Dissociation and association of the embodied representation of tool-use verbs and hand verbs: An fMRI study

Embodied semantic theories suppose that representation of word meaning and actual sensory-motor processing are implemented in overlapping systems. According to this view, association and dissociation of different word meaning should correspond to dissociation and association of the described sensory-motor processing. Previous studies demonstrate that although tool-use actions and hand actions have overlapping neural substrates, tool-use actions show greater activations in frontal–parietal–temporal regions that are responsible for motor control and tool knowledge processing. In the present study, we examined the association and the dissociation of the semantic representation of tool-use verbs and hand action verbs. Chinese verbs describing tool-use or hand actions without tools were included, and a passive reading task was employed. All verb conditions showed common activations in areas of left middle frontal gyrus, left inferior frontal gyrus (BA 44/45) and left inferior parietal lobule relative to rest, and all conditions showed significant effects in premotor areas within the mask of hand motion effects. Contrasts between tool-use verbs and hand verbs demonstrated that tool verbs elicited stronger activity in left superior parietal lobule, left middle frontal gyrus and left posterior middle temporal gyrus. Additionally, psychophysiological interaction analyses demonstrated that tool verbs indicated greater connectivity among these regions. These results suggest that the brain regions involved in tool-use action processing also play more important roles in tool-use verb processing and that similar systems may be responsible for word meaning representation and actual sensory-motor processing.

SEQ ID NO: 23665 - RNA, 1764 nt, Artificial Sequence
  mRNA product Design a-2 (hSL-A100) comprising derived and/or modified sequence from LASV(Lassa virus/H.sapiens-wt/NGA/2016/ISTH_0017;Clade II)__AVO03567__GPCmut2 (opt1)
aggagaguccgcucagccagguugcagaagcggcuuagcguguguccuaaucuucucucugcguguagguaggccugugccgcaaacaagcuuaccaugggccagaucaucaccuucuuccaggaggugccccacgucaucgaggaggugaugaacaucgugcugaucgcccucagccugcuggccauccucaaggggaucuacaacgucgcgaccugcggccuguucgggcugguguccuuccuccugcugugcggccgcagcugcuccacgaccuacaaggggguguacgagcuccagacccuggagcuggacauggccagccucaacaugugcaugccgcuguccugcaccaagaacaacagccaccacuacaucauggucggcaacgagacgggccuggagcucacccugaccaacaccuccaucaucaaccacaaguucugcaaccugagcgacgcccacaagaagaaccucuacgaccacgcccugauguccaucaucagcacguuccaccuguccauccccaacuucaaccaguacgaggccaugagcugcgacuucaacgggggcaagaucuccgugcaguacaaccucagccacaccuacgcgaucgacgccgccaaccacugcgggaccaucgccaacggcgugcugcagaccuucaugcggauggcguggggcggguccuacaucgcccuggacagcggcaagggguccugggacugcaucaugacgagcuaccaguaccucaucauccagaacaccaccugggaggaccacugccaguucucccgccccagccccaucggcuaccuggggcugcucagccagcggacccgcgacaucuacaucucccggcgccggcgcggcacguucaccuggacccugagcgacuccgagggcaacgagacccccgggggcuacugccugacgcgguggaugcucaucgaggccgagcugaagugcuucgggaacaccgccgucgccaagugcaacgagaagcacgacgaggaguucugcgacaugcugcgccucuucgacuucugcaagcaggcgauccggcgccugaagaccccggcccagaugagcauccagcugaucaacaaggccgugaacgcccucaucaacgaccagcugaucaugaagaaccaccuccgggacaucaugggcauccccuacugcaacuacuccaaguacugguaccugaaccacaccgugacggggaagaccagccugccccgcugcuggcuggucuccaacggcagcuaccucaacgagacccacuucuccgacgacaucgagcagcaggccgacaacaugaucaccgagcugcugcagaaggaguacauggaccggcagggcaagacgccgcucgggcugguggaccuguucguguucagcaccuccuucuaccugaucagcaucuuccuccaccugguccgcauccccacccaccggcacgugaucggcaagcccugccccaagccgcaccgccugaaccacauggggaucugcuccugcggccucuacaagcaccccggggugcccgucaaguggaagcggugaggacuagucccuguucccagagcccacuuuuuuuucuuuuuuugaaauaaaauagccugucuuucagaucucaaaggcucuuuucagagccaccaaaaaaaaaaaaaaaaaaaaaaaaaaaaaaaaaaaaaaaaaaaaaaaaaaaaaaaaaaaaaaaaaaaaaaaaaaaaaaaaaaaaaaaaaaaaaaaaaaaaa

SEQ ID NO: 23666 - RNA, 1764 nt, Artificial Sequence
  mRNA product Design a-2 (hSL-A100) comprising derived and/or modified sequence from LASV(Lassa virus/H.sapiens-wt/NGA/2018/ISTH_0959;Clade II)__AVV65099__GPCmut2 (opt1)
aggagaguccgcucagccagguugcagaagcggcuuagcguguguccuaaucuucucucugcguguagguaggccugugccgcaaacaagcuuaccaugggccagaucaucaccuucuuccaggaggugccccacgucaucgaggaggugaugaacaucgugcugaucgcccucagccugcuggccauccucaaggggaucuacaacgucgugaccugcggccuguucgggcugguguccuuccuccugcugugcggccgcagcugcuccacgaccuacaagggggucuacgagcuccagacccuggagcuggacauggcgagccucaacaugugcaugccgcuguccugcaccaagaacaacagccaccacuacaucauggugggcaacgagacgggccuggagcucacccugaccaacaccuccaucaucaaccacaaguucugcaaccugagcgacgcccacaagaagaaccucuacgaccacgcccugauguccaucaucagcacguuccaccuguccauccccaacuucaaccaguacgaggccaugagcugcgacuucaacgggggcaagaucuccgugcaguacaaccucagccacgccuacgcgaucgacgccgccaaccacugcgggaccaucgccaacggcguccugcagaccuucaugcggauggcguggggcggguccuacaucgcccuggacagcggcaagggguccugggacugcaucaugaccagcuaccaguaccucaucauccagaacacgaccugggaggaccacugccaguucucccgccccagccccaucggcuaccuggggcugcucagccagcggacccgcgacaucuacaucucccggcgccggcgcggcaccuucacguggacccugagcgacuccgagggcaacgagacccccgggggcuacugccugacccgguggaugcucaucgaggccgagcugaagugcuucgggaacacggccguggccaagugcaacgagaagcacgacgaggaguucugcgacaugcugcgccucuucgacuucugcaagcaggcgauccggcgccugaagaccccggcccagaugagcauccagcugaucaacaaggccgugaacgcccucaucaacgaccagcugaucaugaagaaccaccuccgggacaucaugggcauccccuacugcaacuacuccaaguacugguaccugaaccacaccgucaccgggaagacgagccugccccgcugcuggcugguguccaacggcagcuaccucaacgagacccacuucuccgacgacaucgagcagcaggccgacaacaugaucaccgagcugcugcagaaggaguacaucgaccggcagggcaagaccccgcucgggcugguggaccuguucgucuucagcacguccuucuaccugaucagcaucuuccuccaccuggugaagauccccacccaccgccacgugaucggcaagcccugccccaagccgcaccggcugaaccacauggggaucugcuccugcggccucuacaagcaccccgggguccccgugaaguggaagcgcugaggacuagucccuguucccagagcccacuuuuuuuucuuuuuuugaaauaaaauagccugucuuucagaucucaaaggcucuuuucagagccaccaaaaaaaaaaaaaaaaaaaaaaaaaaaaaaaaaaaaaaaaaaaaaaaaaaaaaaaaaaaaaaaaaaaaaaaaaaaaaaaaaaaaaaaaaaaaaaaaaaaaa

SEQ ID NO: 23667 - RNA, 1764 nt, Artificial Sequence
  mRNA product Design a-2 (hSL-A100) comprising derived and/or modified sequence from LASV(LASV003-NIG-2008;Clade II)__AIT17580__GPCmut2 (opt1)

from Brain and Language

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Posted on July 8, 2011, in Research and tagged , , , . Bookmark the permalink. Leave a comment.

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